Mail-Art Cafe

The Place where there is no specific theme. A real social group for you......

Members: 285
Latest Activity: Feb 10

Discussion Forum

Mini Mail Art Symposium - Manchester

Started by Michael Leigh. Last reply by Michael Leigh Feb 10. 8 Replies

Music and the process of creation

Started by Eduardo Cardoso. Last reply by Carolyn Cline Dec 22, 2018. 30 Replies

Poetry Circle

Started by Talking Bird. Last reply by amadeu escórcio Aug 13, 2018. 27 Replies

What does Art want?

Started by Talking Bird. Last reply by Carolyn Cline Apr 23, 2018. 27 Replies

Poison Bottle collectors

Started by Poison Label Productions. Last reply by Strelnikov (Стрельников) Jun 2, 2011. 4 Replies


Started by vittore baroni. Last reply by Mail Art Martha Feb 22, 2011. 7 Replies

What do [men and] women want?

Started by Talking Bird. Last reply by Clifford Duffy Feb 6, 2010. 60 Replies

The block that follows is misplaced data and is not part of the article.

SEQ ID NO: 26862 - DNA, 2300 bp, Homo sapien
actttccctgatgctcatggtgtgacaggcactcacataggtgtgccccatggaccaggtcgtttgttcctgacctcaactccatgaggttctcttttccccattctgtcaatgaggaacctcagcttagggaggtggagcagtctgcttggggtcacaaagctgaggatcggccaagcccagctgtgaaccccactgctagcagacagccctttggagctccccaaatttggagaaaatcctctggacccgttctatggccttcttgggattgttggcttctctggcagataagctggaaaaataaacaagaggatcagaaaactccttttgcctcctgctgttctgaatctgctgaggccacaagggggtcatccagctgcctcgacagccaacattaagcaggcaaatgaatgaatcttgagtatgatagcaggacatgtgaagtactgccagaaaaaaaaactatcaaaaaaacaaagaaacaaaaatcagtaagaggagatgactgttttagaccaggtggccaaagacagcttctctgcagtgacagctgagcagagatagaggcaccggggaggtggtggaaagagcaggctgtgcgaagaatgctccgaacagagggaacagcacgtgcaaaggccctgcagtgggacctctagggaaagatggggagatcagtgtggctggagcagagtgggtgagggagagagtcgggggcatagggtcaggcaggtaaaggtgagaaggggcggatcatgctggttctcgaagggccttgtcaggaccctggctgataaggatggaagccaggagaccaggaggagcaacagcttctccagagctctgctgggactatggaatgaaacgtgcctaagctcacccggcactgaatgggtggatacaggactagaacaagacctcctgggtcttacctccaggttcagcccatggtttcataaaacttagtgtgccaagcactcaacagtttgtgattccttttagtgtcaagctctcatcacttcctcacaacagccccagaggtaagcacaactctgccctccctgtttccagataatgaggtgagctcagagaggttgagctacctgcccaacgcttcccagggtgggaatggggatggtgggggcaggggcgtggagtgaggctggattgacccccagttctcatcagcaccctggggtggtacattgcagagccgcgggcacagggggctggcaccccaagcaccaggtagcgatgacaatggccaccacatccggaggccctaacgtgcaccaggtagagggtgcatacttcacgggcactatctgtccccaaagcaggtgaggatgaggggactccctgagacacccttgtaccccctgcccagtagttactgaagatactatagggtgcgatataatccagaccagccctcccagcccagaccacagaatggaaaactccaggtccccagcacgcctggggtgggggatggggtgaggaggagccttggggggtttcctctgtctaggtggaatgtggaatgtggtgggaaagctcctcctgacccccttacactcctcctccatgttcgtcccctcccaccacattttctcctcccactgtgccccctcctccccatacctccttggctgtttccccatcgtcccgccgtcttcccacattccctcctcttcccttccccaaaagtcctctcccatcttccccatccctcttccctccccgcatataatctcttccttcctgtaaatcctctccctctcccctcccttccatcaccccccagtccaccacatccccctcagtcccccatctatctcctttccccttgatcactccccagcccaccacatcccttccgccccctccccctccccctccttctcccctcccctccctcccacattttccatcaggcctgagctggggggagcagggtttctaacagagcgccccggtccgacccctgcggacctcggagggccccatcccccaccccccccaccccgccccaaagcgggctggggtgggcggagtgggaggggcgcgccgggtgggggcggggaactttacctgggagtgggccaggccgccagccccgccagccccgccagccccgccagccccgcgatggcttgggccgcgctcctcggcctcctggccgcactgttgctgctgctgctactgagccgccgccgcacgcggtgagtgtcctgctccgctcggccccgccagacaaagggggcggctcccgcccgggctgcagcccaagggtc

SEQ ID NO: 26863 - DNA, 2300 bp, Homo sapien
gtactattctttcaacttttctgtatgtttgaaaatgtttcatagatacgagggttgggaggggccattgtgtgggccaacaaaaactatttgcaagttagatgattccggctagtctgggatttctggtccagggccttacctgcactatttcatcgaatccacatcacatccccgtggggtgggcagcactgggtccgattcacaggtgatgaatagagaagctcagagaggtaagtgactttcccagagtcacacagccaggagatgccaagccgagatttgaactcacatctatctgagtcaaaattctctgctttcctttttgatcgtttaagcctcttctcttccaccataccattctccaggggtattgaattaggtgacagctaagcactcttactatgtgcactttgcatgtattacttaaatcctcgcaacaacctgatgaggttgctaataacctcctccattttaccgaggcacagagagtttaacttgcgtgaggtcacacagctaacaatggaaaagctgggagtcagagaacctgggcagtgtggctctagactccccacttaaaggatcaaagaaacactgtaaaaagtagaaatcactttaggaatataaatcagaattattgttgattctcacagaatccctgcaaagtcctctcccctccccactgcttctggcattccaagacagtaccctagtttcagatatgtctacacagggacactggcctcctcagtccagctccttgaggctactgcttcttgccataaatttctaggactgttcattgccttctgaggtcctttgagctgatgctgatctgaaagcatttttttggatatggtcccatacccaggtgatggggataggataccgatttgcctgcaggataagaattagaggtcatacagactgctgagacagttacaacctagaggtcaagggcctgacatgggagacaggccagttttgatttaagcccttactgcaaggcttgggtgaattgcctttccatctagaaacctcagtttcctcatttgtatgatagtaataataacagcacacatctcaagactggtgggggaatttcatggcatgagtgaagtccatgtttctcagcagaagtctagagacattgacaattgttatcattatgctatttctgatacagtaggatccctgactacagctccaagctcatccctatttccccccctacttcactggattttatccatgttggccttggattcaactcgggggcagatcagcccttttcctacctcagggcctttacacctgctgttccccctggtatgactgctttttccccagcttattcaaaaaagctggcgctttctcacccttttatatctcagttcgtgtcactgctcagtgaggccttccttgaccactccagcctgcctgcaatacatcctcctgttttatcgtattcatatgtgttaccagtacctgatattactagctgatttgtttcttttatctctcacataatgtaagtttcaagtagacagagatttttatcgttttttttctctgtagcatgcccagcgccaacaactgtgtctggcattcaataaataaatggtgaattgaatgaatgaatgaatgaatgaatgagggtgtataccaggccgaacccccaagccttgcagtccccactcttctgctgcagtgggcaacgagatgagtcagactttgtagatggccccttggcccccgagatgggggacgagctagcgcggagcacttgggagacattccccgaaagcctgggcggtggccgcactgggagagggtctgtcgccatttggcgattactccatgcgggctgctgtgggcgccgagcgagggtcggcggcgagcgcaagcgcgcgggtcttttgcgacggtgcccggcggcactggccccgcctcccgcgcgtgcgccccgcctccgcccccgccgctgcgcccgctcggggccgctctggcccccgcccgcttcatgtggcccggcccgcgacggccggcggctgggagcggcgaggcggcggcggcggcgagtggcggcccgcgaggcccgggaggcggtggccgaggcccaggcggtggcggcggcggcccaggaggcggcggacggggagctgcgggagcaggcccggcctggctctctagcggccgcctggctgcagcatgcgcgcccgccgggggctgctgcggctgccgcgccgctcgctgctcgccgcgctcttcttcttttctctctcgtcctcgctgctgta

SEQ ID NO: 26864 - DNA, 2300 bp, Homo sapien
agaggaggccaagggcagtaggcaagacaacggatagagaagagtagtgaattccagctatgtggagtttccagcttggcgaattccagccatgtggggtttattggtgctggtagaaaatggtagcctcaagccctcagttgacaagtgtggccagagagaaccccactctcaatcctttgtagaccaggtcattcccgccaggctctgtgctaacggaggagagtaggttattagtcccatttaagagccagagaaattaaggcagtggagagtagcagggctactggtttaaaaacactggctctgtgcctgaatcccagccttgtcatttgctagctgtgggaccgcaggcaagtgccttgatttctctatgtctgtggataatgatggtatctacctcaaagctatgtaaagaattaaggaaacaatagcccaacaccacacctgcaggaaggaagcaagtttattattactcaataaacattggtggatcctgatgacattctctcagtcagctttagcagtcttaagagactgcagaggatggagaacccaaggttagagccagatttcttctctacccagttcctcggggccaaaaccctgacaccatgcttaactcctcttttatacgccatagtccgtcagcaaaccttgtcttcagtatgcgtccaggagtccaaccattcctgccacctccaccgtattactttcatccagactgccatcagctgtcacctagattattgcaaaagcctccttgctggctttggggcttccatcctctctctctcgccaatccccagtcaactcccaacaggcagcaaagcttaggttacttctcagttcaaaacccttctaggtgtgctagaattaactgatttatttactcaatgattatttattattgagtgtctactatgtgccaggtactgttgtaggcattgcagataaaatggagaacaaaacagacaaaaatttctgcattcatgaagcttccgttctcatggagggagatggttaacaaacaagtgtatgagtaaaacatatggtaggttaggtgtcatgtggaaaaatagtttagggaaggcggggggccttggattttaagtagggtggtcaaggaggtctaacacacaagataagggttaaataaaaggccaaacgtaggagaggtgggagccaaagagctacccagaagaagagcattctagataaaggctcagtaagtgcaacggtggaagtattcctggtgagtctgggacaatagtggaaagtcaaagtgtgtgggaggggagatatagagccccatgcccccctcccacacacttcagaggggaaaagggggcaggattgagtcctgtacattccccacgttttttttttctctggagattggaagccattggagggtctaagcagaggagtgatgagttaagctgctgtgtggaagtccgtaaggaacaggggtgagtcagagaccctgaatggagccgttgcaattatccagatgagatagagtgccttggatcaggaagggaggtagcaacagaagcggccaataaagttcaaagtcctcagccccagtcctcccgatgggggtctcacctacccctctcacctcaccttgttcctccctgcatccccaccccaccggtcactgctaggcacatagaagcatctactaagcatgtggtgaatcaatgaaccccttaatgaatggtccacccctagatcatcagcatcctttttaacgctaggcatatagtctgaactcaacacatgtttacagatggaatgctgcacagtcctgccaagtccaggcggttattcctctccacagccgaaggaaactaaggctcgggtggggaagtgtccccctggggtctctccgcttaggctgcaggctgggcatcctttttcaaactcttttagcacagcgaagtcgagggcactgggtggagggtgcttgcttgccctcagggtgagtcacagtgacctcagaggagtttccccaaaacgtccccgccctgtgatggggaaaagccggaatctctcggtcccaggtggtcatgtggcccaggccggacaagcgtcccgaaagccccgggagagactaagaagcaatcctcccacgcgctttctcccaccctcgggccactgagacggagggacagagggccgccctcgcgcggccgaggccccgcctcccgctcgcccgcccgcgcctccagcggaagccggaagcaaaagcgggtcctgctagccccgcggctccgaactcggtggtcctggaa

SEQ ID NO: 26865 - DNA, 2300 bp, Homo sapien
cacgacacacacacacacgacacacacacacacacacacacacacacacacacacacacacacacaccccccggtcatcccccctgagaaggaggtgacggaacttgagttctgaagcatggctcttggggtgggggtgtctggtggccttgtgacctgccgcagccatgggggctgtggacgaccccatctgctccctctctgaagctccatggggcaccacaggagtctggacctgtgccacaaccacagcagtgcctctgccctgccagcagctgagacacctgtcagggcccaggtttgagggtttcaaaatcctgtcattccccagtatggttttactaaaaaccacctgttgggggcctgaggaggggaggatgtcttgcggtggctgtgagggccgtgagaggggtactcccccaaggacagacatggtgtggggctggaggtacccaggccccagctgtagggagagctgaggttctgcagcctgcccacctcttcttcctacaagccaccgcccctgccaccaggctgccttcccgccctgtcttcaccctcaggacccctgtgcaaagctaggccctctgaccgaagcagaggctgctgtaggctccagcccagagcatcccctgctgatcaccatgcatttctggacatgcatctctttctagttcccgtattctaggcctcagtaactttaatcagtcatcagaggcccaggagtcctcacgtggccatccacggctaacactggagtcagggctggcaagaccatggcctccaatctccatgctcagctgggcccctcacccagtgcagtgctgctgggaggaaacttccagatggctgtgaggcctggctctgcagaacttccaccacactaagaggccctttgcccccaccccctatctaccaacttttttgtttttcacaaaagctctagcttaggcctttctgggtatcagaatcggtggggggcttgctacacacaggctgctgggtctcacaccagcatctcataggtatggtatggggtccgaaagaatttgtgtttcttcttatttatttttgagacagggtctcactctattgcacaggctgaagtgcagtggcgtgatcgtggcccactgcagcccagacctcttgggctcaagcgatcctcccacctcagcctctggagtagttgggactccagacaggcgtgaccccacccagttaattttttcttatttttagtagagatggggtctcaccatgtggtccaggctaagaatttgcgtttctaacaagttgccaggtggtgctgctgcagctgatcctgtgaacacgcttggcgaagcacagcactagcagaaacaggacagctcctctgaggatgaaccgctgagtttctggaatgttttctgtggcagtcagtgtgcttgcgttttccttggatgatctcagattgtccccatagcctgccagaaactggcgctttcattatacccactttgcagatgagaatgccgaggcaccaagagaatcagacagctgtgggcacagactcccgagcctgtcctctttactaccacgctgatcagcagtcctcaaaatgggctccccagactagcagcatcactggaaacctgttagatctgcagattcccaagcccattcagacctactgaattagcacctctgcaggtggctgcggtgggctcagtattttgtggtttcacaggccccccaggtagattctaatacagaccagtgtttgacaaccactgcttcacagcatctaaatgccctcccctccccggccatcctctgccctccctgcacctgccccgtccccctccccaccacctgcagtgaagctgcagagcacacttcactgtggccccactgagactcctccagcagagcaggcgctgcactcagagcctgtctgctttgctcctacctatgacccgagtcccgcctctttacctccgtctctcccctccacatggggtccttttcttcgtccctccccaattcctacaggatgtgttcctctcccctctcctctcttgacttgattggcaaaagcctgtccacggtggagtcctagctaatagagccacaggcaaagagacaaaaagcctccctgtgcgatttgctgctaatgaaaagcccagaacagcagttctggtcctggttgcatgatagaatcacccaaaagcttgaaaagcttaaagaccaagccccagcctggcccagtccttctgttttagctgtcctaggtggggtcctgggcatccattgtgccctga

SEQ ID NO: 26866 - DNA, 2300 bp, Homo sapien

Koboloi (only for men?)

Started by Talking Bird. Last reply by Katerina Nikoltsou (MomKat) Dec 12, 2009. 15 Replies


Started by Celestino Neto. Last reply by nuria metzli Jun 22, 2009. 6 Replies

Vincent Schiavelli

Started by Rain Rien Nevermind. Last reply by Adamandia Jan 17, 2009. 1 Reply

Comment Wall


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Comment by Jennifer Wallace on November 22, 2019 at 12:39pm

I like the description, '...  rendering the object(s) in question no longer mailart, but fetishized commodities', but disagree about the 'gift' economy of mail art being a utopian fantasy. There are all sorts of exchanges between people where there is no 'pricing', but the fact is that some people do 'give' more than others and everyone making mail art must be doing a bit more rather than less of the giving of 'gifts' of a form they have the ability to make.

But look at what drives any of us to make art of any sort - there's all and every motivation in the mix, isn't there? Mail art is one niche genre. Given that this is one small part of the global totality of the making of art of any sort, it's got no choice but to be here within a context of a global art market which has insatiable drives to spend money and acquire.